With one exception, the books I feel most attached to are those I first read as a child or young adult. I still have my original copies of these four books: A Confederacy of Dunces by John Kennedy Toole is both a great work of literature and extraordinarily funny; Charlotte's Web by E.B. White, illustrated by Garth Williams, is the gold standard in children's literature for its perfect marriage of story and art; Old Yeller by Fred Gipson is the first book that I can remember making me cry; and Peanuts Jubilee: My Life and Art with Charlie Brown and Others by Charles Schulz is a heartfelt and nostalgic memoir from my boyhood hero. The fifth book on this list, a signed copy of Richard's Poor Almanac by Richard Thompson, is a collection of comic creations from Richard's partnership with the Washington Post. As a cartoonist, Richard was unsurpassed. As a writer, he was effortlessly funny. He died in 2016 due to Parkinson's disease. He was a genius.

Book you most want to read again for the first time:

When I was 20 or 21 years old, I read Arrowsmith by Sinclair Lewis. At the time, I found it quite compelling, and I identified strongly with the protagonist, Martin Arrowsmith. I'm not at all certain I'd feel the same way now at age 55. I'd like to read it again just to satisfy my own curiosity.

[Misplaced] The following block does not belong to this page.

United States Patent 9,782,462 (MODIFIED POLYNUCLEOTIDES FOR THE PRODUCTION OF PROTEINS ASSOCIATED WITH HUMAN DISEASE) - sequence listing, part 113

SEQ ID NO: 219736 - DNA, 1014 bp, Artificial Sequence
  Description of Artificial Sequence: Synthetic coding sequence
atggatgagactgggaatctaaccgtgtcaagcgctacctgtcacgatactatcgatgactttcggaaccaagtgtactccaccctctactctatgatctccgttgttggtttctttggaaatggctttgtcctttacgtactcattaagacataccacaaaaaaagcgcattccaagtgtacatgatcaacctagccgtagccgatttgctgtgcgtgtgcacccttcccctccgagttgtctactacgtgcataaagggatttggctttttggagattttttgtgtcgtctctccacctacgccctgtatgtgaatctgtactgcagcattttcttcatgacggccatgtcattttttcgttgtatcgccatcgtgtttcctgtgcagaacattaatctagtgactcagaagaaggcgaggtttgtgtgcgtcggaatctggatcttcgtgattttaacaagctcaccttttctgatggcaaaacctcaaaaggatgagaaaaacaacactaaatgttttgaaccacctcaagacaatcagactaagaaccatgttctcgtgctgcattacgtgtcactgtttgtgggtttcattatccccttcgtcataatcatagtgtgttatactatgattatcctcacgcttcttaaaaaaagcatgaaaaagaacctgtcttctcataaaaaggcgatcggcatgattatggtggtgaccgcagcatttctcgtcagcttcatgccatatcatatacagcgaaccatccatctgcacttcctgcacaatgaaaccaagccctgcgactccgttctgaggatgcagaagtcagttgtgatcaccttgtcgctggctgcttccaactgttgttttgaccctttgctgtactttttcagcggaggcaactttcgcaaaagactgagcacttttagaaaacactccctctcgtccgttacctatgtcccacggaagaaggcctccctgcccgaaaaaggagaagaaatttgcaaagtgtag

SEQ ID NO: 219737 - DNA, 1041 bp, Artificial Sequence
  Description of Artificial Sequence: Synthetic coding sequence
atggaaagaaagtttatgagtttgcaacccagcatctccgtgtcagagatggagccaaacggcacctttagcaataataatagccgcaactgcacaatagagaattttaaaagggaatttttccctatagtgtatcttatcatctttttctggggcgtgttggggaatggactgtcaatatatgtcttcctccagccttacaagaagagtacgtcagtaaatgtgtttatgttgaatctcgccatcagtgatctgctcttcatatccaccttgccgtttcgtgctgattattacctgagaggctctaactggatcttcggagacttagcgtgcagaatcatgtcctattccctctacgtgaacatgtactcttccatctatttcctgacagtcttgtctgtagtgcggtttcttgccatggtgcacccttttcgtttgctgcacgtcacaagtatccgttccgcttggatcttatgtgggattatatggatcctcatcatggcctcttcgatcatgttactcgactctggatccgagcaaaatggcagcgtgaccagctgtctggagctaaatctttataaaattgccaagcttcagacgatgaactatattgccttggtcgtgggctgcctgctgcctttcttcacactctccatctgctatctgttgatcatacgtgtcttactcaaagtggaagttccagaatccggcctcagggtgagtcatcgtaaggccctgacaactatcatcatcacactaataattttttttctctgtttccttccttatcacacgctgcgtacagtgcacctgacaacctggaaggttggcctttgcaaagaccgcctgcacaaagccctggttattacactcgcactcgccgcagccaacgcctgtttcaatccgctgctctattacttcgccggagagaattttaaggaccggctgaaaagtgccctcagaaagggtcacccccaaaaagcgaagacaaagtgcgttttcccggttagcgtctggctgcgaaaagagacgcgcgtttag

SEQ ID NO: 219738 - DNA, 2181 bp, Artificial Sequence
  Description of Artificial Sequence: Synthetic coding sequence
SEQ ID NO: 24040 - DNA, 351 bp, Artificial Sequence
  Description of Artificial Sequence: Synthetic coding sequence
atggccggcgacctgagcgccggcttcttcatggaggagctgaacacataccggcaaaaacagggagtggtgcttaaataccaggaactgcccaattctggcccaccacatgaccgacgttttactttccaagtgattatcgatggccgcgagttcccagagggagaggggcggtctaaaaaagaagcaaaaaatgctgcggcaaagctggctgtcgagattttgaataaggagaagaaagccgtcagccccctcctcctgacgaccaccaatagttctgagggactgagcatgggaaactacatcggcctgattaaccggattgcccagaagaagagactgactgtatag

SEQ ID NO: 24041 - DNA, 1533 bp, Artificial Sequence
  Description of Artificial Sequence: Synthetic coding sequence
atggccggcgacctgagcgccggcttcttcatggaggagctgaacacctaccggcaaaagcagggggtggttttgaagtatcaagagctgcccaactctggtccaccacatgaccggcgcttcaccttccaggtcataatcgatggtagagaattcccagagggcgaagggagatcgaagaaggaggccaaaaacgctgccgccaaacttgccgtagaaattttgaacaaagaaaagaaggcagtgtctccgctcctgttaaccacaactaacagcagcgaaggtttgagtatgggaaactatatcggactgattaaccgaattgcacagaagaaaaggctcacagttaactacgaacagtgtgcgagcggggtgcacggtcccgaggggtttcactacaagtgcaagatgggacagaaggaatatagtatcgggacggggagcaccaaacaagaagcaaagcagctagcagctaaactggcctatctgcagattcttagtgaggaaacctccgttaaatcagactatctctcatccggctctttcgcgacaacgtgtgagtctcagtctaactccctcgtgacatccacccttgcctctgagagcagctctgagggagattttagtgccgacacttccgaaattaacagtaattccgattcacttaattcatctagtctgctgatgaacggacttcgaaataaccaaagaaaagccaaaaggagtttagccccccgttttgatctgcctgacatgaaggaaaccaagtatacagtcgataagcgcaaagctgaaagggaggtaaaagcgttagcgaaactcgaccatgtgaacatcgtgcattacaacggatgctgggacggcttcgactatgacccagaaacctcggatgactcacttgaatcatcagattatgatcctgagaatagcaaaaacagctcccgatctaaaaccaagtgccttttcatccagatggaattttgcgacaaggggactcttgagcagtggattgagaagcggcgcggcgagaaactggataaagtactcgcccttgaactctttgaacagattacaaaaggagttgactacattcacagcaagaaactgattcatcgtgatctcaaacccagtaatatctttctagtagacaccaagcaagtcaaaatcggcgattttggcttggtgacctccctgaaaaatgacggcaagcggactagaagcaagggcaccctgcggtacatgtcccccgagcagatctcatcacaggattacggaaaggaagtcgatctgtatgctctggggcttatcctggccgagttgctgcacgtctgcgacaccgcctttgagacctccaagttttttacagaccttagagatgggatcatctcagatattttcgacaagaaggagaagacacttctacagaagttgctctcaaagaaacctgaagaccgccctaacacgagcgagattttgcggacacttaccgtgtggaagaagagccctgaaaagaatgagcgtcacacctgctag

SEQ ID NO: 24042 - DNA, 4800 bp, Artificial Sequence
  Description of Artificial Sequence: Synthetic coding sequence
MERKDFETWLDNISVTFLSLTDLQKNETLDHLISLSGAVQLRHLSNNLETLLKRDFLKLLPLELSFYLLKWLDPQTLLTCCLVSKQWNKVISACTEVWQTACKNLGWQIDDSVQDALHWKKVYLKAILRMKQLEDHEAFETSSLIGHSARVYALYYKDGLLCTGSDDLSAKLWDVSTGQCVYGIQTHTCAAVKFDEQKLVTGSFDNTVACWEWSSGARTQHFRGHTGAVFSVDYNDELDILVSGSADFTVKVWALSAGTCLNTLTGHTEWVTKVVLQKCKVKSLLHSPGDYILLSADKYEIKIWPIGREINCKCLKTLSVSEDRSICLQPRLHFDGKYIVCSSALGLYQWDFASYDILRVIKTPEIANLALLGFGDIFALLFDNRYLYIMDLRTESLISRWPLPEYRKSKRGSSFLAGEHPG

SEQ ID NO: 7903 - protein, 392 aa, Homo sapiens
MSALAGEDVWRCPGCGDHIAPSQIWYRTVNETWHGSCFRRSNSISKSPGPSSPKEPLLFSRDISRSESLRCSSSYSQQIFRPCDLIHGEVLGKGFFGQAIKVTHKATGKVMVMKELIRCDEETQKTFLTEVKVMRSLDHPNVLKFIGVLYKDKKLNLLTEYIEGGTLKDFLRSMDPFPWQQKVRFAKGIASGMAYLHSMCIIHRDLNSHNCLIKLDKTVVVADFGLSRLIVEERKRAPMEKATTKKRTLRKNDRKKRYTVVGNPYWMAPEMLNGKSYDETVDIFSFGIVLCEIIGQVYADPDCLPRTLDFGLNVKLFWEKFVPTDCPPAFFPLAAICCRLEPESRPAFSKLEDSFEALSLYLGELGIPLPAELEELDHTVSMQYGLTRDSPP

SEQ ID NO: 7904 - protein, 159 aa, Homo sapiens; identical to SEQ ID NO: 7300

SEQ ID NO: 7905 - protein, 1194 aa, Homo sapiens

Book you love that nobody else has ever heard of:

Fish Stories by Nicholas Heller. My wife and I bought this at a yard sale shortly after our son was born. It's a collection of three stories featuring a nameless main character who appears to be a human/dog hybrid. He has fishing adventures that end up involving an ineffective wizard. Hilarity ensues.


Book Review

Children's Review: I Am Hermes!

I Am Hermes! by Mordicai Gerstein (Holiday House, $18.99 hardcover, 72p., ages 8-12, 9780823439423, February 26, 2019)

Oh, that Hermes: We always knew he was mischievous. But in I Am Hermes!, Mordicai Gerstein's comics-style autobiography of sorts, it's clear that as a kid the messenger of the gods was a pest of Olympian proportions.